Ted Haggard is a high profile, oft ridiculed ex-gay. Haggard was a high-profile evangelical pastor who was caught buying methamphetamines and sexual services from a male escort. In the ensuing scandal, Haggard resigned or was fired from his various religious posts.

And we all enjoyed the sweet, sweet taste of schadenfreude: someone who supported anti-gay legislation was publicly shown to be a hypocrite.

Following the scandal, Haggard underwent ex-gay counselling and was declared “completely heterosexual” just three weeks later. This claim was met by general disbelief, derision, and laughter.

It is easy to conclude that Haggard is a deluded and/or calculating individual: that he is trying to fool either himself, his family or the general public into believing that he is straight. It’s easy to disregard him as a caricature: a fake, greedy, self-promoting hypocrite masquerading as a community leader.

Yet it is wrong to cast Ted Haggard in such a simplistic way. In 2011, a journalist, Kevin Roose, went on a camping trip with Haggard and his two sons. Late night, over the campfire, Haggard put a different spin on his situation:

“I think that probably, if I were 21 in this society, I would identify myself as a bisexual.” After a weekend of Ted trying to convince me of his unambiguous devotion to his wife and kids, I’m at first too surprised to say anything.

“So why not now?” I ask finally.

“Because, Kevin, I’m 54, with children, with a belief system, and I can have enforced boundaries in my life. Just like you’re a heterosexual but you don’t have sex with every woman that you’re attracted to, so I can be who I am and exclusively have sex with my wife and be perfectly satisfied.”

This is not to say that Haggard should not be criticised. But it’s easier to see him as a flawed human being who deserves pity for his situation. Like the ex-gay furries, he’s in a situation he didn’t choose and he didn’t foresee.

The story of the ex-gays is different from last week’s born-again furries but the general conclusion is the same: people are interesting and vulnerable, but this is rarely evident on first impressions. This is why tolerance is a great virtue: it gives people a chance to show themselves in all their complexity.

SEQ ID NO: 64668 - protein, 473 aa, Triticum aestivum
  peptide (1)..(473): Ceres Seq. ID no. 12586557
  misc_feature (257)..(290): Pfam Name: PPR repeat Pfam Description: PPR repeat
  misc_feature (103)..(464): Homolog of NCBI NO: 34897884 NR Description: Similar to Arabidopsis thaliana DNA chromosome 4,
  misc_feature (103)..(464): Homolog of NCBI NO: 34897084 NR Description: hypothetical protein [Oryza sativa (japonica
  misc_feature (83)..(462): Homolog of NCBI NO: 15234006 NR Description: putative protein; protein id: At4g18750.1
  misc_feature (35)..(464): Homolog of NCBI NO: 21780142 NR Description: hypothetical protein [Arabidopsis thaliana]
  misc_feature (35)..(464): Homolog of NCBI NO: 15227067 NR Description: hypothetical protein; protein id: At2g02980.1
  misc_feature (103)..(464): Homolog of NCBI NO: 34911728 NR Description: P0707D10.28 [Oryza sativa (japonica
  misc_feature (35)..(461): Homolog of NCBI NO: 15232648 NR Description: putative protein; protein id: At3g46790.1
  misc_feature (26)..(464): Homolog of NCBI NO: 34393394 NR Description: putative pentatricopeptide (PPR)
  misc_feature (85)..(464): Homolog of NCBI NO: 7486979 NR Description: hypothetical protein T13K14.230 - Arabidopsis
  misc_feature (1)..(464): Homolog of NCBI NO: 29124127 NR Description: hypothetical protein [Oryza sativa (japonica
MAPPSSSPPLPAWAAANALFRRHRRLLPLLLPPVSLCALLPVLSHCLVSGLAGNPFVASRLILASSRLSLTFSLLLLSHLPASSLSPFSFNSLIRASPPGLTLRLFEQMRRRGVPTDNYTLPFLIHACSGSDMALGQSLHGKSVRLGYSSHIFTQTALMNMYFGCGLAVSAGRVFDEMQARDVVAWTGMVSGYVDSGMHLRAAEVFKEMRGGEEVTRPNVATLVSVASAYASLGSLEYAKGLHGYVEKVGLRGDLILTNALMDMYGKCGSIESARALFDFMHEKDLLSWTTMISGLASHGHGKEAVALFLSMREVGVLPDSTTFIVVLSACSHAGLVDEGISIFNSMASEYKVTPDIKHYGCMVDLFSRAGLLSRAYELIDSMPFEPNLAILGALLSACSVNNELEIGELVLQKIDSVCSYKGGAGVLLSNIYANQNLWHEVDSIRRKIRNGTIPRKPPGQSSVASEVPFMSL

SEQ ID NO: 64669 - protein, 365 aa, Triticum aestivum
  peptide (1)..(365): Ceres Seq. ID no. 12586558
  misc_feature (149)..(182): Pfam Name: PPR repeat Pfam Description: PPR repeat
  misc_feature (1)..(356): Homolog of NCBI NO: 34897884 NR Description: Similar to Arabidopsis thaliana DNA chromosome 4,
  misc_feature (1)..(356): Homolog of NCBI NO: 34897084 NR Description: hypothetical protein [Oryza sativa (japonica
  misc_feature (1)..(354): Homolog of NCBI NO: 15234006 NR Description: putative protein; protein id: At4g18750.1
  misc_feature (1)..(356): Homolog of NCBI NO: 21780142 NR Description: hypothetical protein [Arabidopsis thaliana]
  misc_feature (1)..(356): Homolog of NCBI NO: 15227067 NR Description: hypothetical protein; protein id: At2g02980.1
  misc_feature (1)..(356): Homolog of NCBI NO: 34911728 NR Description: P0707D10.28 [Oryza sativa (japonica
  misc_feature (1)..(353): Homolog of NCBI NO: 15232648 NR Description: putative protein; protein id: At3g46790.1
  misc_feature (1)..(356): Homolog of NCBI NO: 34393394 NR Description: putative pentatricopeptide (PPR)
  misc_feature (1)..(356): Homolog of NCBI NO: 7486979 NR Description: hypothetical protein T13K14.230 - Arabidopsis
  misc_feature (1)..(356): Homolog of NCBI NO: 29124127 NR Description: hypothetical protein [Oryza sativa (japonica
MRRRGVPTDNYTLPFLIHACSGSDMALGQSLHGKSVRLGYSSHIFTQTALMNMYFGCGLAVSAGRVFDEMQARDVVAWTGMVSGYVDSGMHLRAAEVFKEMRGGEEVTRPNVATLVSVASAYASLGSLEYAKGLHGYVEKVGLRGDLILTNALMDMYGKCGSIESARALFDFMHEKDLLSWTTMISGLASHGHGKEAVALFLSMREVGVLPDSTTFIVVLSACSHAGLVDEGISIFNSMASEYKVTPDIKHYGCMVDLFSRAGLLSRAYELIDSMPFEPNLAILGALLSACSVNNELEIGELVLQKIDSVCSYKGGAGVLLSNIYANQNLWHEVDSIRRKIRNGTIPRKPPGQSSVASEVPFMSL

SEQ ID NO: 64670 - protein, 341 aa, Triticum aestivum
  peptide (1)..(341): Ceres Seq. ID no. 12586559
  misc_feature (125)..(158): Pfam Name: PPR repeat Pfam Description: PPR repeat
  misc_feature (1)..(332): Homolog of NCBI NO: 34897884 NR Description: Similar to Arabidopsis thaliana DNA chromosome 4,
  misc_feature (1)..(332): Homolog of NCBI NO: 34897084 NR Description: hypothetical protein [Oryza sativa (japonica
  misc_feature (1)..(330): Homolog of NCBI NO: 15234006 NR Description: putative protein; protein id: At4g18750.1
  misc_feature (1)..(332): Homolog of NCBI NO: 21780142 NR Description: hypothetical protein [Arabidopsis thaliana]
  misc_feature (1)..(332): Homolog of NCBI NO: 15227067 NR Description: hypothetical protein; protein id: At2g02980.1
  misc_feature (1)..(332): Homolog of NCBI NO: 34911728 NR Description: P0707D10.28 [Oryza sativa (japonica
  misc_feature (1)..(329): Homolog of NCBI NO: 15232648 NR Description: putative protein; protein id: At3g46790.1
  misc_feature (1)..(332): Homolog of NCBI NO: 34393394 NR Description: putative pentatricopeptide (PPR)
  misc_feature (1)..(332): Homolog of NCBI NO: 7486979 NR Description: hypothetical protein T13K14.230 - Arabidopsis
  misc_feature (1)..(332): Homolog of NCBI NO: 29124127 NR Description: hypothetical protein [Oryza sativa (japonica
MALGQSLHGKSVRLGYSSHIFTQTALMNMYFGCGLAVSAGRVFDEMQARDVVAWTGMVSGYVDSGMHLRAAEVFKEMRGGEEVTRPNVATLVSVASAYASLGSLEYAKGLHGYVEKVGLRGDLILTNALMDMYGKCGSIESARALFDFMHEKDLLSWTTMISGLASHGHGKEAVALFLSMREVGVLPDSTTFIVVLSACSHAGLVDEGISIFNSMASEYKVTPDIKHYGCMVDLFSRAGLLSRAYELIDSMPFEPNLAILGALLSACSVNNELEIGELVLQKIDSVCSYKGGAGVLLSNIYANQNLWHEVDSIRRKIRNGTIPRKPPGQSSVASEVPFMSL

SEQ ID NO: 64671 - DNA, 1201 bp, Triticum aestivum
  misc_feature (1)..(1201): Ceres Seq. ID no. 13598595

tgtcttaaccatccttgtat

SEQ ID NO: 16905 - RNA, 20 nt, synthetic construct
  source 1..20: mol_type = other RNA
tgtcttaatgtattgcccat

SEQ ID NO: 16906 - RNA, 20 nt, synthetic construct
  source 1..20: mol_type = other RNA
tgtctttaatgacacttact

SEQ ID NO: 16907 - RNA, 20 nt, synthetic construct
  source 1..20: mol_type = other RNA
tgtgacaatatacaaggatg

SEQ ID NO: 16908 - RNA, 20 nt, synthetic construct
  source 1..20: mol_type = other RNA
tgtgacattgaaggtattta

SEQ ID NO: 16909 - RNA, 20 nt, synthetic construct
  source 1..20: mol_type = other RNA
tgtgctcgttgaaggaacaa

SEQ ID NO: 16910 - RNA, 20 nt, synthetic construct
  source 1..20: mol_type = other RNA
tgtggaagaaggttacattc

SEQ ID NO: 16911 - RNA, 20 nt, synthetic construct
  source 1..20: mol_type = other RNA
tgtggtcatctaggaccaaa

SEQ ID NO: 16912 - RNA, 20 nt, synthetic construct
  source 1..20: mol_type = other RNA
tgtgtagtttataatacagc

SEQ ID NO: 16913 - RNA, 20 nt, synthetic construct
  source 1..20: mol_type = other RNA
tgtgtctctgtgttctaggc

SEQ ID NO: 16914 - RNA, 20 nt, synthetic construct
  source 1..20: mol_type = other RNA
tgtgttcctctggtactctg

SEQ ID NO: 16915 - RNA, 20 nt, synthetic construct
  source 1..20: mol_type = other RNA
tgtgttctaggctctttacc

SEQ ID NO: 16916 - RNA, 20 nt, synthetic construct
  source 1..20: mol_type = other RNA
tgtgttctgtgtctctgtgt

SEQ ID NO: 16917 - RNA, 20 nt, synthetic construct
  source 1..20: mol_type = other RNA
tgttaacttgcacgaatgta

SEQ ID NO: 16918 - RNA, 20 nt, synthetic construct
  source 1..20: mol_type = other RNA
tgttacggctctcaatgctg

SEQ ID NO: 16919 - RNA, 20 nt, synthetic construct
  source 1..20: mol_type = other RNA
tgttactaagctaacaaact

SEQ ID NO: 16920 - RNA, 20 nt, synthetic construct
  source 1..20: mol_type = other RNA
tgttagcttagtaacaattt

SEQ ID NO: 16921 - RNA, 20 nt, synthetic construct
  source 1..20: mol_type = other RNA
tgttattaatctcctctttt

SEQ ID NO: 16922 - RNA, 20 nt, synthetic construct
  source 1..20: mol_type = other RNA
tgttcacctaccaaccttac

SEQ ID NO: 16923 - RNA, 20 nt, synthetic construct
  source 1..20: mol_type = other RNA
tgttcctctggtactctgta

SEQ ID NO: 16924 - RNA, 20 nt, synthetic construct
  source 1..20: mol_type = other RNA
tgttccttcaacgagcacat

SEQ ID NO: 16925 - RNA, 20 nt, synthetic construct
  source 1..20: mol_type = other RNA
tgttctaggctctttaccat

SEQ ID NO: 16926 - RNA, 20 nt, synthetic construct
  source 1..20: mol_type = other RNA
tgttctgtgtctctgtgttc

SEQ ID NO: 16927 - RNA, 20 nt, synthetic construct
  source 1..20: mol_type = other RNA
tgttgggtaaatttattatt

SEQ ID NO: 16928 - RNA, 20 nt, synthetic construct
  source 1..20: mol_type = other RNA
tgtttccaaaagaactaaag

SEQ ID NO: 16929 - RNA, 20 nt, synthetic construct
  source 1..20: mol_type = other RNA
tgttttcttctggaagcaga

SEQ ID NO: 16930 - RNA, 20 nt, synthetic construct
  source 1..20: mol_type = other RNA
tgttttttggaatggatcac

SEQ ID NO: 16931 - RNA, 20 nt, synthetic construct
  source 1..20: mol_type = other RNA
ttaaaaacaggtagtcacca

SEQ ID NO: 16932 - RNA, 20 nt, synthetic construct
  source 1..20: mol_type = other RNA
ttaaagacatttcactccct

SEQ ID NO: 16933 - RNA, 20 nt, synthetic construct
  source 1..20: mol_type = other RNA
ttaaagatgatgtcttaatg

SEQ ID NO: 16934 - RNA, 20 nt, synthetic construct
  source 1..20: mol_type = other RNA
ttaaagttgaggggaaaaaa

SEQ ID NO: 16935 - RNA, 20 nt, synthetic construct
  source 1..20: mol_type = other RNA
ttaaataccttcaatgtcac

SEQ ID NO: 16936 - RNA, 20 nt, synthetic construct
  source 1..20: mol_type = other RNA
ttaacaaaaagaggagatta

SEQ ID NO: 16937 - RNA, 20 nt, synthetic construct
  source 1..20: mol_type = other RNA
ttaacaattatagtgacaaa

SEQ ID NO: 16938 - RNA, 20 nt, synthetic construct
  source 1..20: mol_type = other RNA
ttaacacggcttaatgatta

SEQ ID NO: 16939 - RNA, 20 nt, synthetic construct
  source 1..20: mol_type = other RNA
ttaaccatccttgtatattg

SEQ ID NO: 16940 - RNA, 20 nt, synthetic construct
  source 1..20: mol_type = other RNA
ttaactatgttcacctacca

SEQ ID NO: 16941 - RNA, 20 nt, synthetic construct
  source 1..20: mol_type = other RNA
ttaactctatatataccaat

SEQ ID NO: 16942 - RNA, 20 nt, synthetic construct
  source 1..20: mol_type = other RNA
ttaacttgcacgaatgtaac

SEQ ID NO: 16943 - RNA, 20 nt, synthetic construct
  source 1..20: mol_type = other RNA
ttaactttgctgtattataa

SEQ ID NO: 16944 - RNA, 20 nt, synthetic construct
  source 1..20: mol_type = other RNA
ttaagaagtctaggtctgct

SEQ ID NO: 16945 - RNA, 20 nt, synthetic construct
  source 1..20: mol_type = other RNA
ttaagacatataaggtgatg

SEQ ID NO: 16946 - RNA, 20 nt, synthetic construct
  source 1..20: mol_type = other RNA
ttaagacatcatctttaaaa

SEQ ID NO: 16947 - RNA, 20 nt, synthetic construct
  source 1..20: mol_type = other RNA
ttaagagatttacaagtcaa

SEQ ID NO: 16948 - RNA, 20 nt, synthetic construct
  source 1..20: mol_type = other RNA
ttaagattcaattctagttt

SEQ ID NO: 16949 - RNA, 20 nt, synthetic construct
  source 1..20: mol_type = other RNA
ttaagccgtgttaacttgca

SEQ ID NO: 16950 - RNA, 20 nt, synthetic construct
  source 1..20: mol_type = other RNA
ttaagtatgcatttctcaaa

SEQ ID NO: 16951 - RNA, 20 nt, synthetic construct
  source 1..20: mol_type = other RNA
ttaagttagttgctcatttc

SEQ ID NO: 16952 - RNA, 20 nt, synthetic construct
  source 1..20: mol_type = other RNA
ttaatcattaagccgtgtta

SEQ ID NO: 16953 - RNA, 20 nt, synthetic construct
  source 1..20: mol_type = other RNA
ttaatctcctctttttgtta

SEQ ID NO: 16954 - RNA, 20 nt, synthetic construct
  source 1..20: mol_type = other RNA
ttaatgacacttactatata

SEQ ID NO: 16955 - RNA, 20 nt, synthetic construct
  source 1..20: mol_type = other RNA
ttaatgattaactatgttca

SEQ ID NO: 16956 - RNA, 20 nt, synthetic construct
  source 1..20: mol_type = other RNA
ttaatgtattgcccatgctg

So be friendly and respectful towards the people you disagree with. You might be surprised.

About JM

JM is a horse-of-all-trades who was introduced to furry in his native Australia by the excellent group known collectively as the Perthfurs. JM now helps run [adjective][species] from London, where he is most commonly spotted holding a pint and talking nonsense.

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9 thoughts on “Born Again, Again: The Ex-Gays

  1. Sorry, JM, but Ted Haggard gets no respect from me. This has nothing to do with his flip-floppery on his own sexuality, about which I don’t much care. It has to do with his vicious hypocrisy in using his once huge amount of evangelical clout to condemn gays and blame them for “choosing” to be who they are. Leaders like that do immeasurable harm to society. After his experience, Haggard should know better than to just lay low as he has done. He should be correcting the injustices he committed, and that he knows very well he has committed. I see him doing nothing at all to even attempt that.

  2. “So be friendly and respectful towards the people you disagree with. You might be surprised.”

    That’s very refreshing!

    It could lead to actually listening to people rather than presupposing you already know where they’re coming from and what their motivations are. In other words, it has the potential to restore communication by removing the pre-judgements.

    I admit to finding this difficult, myself. Only because, the vast preponderance of times, my original assessment turns out to be correct. Most of the people I encounter are, for the moment at least, utterly simple creatures in the ways that matter. It’s difficult to abandon an approach that is nearly – but not quite – always accurate. Do you have any suggestions?

    Be well,

    – Satori

    1. It sounds like you’re probably already there. It’s a very natural thing, to be defensive towards people you disagree with. You’re aware of this and you’re trying to be a good person.

      You can’t ask for much more than that.